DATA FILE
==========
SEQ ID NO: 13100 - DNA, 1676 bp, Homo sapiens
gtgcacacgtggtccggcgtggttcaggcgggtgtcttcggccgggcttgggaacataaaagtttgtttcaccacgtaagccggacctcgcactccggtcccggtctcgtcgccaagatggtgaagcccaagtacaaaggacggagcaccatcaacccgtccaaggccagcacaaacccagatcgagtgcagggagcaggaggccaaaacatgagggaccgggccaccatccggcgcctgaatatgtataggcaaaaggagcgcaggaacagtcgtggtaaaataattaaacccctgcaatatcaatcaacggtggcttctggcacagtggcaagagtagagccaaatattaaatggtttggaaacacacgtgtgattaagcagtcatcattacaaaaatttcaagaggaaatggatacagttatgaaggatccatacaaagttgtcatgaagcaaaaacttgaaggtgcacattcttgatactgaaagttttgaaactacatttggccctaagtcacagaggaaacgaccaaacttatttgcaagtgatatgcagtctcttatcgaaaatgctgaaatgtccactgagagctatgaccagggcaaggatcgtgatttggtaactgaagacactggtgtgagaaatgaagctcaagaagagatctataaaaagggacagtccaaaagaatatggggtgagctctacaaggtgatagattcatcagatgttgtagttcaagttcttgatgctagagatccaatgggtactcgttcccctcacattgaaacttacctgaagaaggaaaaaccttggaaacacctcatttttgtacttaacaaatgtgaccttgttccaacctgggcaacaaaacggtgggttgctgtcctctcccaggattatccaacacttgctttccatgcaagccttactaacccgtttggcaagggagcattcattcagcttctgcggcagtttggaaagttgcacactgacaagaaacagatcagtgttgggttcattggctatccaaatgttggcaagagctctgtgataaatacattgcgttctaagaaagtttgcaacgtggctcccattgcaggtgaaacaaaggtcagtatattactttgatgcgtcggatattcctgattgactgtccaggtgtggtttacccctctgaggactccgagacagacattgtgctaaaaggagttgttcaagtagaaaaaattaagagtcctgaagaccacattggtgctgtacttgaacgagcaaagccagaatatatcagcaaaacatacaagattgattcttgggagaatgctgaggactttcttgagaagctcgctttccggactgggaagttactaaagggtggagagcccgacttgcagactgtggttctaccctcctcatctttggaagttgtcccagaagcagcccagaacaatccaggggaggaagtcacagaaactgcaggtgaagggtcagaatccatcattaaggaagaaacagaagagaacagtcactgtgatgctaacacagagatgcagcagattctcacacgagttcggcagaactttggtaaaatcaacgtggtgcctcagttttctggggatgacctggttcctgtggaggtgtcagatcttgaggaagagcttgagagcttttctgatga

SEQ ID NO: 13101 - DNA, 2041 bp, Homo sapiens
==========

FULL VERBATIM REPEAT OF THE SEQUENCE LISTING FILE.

SEQ ID NO: 13100 - DNA, 1676 bp, Homo sapiens
gtgcacacgtggtccggcgtggttcaggcgggtgtcttcggccgggcttgggaacataaaagtttgtttcaccacgtaagccggacctcgcactccggtcccggtctcgtcgccaagatggtgaagcccaagtacaaaggacggagcaccatcaacccgtccaaggccagcacaaacccagatcgagtgcagggagcaggaggccaaaacatgagggaccgggccaccatccggcgcctgaatatgtataggcaaaaggagcgcaggaacagtcgtggtaaaataattaaacccctgcaatatcaatcaacggtggcttctggcacagtggcaagagtagagccaaatattaaatggtttggaaacacacgtgtgattaagcagtcatcattacaaaaatttcaagaggaaatggatacagttatgaaggatccatacaaagttgtcatgaagcaaaaacttgaaggtgcacattcttgatactgaaagttttgaaactacatttggccctaagtcacagaggaaacgaccaaacttatttgcaagtgatatgcagtctcttatcgaaaatgctgaaatgtccactgagagctatgaccagggcaaggatcgtgatttggtaactgaagacactggtgtgagaaatgaagctcaagaagagatctataaaaagggacagtccaaaagaatatggggtgagctctacaaggtgatagattcatcagatgttgtagttcaagttcttgatgctagagatccaatgggtactcgttcccctcacattgaaacttacctgaagaaggaaaaaccttggaaacacctcatttttgtacttaacaaatgtgaccttgttccaacctgggcaacaaaacggtgggttgctgtcctctcccaggattatccaacacttgctttccatgcaagccttactaacccgtttggcaagggagcattcattcagcttctgcggcagtttggaaagttgcacactgacaagaaacagatcagtgttgggttcattggctatccaaatgttggcaagagctctgtgataaatacattgcgttctaagaaagtttgcaacgtggctcccattgcaggtgaaacaaaggtcagtatattactttgatgcgtcggatattcctgattgactgtccaggtgtggtttacccctctgaggactccgagacagacattgtgctaaaaggagttgttcaagtagaaaaaattaagagtcctgaagaccacattggtgctgtacttgaacgagcaaagccagaatatatcagcaaaacatacaagattgattcttgggagaatgctgaggactttcttgagaagctcgctttccggactgggaagttactaaagggtggagagcccgacttgcagactgtggttctaccctcctcatctttggaagttgtcccagaagcagcccagaacaatccaggggaggaagtcacagaaactgcaggtgaagggtcagaatccatcattaaggaagaaacagaagagaacagtcactgtgatgctaacacagagatgcagcagattctcacacgagttcggcagaactttggtaaaatcaacgtggtgcctcagttttctggggatgacctggttcctgtggaggtgtcagatcttgaggaagagcttgagagcttttctgatga

SEQ ID NO: 13101 - DNA, 2041 bp, Homo sapiens